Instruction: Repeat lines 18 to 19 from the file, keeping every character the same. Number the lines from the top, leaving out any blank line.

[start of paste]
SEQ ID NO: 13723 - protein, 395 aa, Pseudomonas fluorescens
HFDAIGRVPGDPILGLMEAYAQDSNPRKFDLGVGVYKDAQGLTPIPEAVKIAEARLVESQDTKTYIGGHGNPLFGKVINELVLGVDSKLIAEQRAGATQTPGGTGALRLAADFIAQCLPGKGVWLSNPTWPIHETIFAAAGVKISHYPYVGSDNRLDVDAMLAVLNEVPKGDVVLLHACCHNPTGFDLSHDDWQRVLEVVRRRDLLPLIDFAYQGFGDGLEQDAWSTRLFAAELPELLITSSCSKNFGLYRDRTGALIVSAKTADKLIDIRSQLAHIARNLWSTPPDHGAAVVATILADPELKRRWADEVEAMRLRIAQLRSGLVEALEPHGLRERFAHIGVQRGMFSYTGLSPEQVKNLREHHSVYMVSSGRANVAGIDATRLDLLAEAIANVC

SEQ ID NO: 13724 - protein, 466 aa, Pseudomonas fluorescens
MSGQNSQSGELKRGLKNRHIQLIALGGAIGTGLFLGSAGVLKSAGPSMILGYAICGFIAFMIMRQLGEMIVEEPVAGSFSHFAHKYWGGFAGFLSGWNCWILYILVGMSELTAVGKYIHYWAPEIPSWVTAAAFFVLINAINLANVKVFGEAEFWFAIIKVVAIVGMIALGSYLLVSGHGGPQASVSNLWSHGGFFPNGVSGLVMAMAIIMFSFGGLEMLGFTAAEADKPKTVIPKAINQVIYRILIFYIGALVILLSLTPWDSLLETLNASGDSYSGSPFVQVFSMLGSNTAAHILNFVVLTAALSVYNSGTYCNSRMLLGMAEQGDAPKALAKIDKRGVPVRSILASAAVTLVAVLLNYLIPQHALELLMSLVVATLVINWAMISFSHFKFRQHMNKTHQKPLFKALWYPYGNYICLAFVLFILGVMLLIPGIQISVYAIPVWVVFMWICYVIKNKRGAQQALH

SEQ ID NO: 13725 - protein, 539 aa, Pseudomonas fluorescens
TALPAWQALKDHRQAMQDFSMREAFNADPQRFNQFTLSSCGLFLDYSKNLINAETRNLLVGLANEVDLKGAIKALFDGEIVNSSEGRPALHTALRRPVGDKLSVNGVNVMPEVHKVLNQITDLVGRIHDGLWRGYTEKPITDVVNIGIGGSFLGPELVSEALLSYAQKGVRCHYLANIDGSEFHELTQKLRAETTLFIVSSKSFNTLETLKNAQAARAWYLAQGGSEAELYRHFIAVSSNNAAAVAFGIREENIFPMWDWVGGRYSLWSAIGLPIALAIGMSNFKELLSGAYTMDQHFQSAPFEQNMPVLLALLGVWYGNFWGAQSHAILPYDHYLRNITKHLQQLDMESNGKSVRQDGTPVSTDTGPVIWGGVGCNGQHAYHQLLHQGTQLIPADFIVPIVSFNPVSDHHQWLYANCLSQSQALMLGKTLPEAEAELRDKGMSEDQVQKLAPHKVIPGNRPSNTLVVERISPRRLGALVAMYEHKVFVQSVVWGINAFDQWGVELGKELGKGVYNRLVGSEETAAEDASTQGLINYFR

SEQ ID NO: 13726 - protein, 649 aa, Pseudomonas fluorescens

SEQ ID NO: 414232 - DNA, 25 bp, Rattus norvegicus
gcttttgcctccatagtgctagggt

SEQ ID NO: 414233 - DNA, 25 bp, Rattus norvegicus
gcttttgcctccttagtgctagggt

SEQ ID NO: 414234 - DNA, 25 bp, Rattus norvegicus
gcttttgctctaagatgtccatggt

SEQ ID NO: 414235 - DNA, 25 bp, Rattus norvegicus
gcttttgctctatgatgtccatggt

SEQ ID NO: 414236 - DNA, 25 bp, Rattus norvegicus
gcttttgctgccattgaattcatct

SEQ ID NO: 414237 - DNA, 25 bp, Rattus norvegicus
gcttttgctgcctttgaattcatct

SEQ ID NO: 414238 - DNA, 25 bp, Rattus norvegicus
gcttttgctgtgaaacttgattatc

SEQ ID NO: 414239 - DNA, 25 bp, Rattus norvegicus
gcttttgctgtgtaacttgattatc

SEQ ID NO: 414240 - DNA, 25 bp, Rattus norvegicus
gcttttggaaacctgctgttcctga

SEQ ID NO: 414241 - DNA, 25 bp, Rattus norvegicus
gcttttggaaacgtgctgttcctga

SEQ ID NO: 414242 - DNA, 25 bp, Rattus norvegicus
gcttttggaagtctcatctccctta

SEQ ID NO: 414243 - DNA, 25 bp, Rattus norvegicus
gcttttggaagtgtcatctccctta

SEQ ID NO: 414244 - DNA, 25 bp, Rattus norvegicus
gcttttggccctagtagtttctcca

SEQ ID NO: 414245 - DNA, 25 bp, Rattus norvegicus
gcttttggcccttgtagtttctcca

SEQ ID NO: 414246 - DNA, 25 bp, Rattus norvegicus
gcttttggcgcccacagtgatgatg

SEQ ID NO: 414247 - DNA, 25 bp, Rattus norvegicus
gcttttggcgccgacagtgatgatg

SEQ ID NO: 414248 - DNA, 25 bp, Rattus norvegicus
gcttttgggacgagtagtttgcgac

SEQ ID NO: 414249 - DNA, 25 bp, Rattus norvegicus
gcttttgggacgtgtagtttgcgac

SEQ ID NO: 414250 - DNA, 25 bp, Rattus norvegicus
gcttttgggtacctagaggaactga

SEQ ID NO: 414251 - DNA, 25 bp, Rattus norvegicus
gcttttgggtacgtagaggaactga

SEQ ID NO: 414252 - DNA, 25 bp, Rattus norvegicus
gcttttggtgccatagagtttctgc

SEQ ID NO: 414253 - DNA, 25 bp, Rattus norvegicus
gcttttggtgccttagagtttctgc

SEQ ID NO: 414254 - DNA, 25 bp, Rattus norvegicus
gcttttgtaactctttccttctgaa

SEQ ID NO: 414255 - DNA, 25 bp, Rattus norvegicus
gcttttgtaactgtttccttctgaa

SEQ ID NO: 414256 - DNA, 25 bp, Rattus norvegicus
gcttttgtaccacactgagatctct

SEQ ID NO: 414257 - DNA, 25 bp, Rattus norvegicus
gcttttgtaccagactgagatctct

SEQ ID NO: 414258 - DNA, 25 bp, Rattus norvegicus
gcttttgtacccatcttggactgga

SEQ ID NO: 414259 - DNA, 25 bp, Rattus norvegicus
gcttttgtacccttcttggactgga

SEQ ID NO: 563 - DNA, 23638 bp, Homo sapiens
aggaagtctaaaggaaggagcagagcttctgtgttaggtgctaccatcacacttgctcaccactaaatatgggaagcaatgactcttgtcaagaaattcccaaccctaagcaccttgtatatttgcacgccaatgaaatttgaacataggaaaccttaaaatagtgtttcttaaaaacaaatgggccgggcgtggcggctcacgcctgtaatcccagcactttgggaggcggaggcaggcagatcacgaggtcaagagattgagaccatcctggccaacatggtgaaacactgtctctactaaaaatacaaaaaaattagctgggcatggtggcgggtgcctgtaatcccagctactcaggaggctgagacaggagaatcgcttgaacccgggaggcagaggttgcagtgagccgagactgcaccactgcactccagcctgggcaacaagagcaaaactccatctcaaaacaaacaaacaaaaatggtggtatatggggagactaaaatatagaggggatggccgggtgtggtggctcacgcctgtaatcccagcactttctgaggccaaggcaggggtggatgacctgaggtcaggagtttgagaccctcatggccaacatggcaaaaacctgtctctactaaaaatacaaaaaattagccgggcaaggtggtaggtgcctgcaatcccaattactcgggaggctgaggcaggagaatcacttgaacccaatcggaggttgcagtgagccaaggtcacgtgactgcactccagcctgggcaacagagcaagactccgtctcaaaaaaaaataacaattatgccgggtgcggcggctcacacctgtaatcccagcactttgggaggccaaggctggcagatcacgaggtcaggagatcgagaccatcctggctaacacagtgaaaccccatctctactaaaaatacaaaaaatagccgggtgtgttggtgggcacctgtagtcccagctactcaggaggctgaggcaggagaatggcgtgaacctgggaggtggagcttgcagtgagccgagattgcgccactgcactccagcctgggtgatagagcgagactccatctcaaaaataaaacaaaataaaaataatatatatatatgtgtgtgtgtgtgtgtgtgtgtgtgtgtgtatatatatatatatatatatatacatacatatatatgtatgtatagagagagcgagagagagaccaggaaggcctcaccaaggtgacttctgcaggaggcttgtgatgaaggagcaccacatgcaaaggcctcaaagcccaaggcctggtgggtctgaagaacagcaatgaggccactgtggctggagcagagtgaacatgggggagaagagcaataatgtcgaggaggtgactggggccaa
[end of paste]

SEQ ID NO: 414237 - DNA, 25 bp, Rattus norvegicus
gcttttgctgcctttgaattcatct